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What is the Bill of Lading?

What is the Bill of Lading?

A bill of lading is a crucial document in international trade and shipping. It serves as a contract, receipt, and title of goods all rolled into one.

Understanding the Bill of Lading

 

The Bill of Lading (BOL) is a shipment receipt given by the carrier to the shipper of goods. The document presents the quantitydestination, and type of goods carried. The Bill of Lading also acts as a legal document when the carrier brings the goods to a prearranged destination. Now that we have answered what is the bill of lading. Let’s learn why it’s so important.

 

Importance of a BOL

 

The bill of lading plays a crucial role in the logistics chain, providing legal protection, facilitating the transfer of goods, ensuring accountability, and serving as a vital document for various stakeholders involved in international trade and shipping.

 

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What is the Purpose of a BOL?

 

  • Provides information on the terms of the shipment.
  • Explains the quantity, destination, and type of shipment the carrier is delivering
  • Serves as a receipt for the shipper
  • Also used as the title to the goods
  • Represents ownership of the goods

Who gets the BOL?

The shipper, broker, freight forwarder, or consignee, receives the BOL. (The consignee is the person who purchased the goods to begin with).

Does Every Shipment Need a BOL?

In most cases, every freight shipment requires a bill of lading, it serves as a crucial document that outlines the terms and conditions of the transportation agreement between the shipper and the carrier. It also acts as a receipt for the goods being shipped.

However, there are some exceptions to the requirement of a bill of lading. It’s important to consult with the relevant shipping regulations and the specific requirements of the carrier and destination country to determine if a bill of lading is necessary for a particular freight shipment.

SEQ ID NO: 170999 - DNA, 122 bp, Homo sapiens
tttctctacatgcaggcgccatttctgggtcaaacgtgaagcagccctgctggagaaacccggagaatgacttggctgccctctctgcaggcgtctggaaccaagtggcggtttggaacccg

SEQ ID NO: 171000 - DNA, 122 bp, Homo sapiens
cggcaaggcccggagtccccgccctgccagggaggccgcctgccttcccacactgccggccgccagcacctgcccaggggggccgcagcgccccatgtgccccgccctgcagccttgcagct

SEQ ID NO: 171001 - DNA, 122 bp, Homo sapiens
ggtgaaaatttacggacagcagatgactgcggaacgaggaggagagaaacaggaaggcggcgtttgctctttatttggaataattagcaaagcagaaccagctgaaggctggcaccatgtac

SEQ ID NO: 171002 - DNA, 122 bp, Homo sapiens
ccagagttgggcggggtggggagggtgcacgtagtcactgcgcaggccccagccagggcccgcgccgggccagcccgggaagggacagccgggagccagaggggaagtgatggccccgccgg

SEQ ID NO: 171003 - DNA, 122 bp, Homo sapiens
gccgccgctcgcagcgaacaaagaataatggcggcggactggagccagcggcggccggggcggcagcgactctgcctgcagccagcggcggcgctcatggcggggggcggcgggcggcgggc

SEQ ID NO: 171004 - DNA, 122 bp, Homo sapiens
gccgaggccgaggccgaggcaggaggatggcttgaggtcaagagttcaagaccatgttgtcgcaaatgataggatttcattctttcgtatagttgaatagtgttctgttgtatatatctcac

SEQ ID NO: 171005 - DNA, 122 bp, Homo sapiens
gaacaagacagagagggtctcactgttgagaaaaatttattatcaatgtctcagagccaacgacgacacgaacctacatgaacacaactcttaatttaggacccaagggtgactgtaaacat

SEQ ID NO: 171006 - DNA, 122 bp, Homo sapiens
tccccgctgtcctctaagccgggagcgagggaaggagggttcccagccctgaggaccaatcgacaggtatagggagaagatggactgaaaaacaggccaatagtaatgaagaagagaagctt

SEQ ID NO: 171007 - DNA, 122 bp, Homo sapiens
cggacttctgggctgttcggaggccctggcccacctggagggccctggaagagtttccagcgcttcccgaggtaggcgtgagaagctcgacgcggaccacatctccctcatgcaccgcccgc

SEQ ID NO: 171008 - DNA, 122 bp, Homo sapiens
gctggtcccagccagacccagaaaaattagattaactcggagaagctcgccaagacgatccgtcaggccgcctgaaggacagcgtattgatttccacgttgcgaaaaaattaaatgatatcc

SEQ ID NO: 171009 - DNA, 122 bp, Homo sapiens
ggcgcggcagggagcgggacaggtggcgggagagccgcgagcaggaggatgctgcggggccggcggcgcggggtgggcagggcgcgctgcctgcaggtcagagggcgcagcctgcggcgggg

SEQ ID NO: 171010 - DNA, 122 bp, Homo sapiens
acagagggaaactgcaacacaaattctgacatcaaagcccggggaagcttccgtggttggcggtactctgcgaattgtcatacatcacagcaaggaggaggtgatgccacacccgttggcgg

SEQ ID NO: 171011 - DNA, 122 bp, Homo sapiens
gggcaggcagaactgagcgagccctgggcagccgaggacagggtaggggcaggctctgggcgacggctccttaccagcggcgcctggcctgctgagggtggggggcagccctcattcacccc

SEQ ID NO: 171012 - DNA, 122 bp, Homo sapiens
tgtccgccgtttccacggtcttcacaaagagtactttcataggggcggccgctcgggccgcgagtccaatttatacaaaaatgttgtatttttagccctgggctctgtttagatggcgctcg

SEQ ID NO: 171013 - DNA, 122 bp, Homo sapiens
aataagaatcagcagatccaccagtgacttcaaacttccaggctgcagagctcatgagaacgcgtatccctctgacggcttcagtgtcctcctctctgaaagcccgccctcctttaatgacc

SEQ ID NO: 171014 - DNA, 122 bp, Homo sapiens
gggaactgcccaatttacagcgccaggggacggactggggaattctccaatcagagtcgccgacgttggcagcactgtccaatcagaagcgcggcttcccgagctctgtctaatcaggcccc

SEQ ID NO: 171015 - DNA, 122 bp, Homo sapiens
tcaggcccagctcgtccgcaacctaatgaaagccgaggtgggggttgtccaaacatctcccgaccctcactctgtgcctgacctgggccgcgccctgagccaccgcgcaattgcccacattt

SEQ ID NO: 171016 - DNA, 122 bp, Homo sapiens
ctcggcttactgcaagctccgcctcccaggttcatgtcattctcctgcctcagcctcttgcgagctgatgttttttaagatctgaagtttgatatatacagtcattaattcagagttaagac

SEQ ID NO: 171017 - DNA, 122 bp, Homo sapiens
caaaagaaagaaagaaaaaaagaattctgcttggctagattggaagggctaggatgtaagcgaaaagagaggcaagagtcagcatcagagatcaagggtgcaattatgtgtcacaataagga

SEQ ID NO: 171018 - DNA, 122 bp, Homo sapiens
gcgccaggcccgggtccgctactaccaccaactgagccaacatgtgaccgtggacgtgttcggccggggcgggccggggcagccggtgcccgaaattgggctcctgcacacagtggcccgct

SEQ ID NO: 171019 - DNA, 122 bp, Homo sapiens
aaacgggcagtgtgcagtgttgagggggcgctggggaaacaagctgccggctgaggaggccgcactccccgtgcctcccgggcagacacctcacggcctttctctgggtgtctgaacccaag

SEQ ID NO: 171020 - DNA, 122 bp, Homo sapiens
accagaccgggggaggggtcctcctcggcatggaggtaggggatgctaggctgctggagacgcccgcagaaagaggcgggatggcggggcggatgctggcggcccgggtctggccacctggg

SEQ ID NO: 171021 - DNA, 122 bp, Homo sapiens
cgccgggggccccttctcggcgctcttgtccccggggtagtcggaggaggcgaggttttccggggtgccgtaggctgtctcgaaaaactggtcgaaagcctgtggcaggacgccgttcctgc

Signing a Bill of Lading

Who gives the Bill of Lading to the shipper?

The bill of lading is typically issued by the carrier or their authorized agent to the shipper. The carrier can be a shipping line, airline, trucking company, or any other entity responsible for transporting the goods.

The issuance of the bill of lading signifies that the carrier has received the goods from the shipper and has agreed to transport them to the specified destination.

It’s important to note that in some cases, such as when goods are shipped through a freight forwarder or logistics provider, the bill of lading may be issued by the freight forwarder or logistics provider on behalf of the carrier.

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What’s on a Freight BOL?

  1. Names and addresses: The full names and addresses of both the consignee and shipper should be legible. Next, they should be easy to locate on the document.
  2. Date: The pickup day and pick-up window. Standard is Noon to 5 PM local time.
  3. Packaging type: Container used for shipment (shipping palletcrate, skid, etc.).
  4. Description of items: Shippers should note the number of shipping units, dimensions, and weight of their freight. Material description is also listed on the BOL.
  5. NMFC freight class: Freight classes impact the cost of the shipment. Freight shipments divide into categories based on weight, dimensions, density, storage capability, ease of handling, value, and liability.
  6. Special instructions:  Note instructions for the carrier (this doesn’t include additional service requests like liftgate or delivery notification).
  7. Purchase orders or unique reference numbers: The unique numbers may be necessary to a business depending on the circumstances. It is also used as a reference for freight to be accepted or released for pickup.
  8. Department of Transportation Hazardous material designation: Cite any shipment hazards. Specific requirements and rules apply when shipping.

 

Need help to determine your shipment details or finding your Bill of Lading paperwork? Contact our agents now.

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Frequently Asked Questions: Bill of Lading (BOL)

 

Q. What is the purpose of the bill of lading?

A. The purpose of a bill of lading (BL or BOL) is to serve as a legal document issued by a transportation company to a shipper. It outlines the type, quantity, and destination of the goods being transported while also acting as a receipt upon delivery. This document ensures transparency and accountability in the shipping process.

Q. What are the 4 functions of the bill of lading?

A. The bill of lading has four main functions: it serves as a receipt of goods, a contract between the shipper and carrier, a document of title, and a record of important information such as destination, shipper, and consignee. This document plays a crucial role in ensuring smooth and secure transportation of goods.

Q. Who is required to have a bill of lading?

A. Any individual or company involved in freight shipments must have a bill of lading (BOL). This legal document is required for all types of shipments, regardless of size or mode of transportation. To be considered valid, the BOL should include specific information and be signed by both the shipper and carrier. BOLs can be created electronically or manually.

Q. What is difference between bill of lading and bill of shipping?

A. The main difference between a bill of lading and a shipping bill is that a bill of lading acknowledges the receipt of goods and their delivery to a specified party, while a shipping bill declares the value, quantity, and type of goods being shipped.

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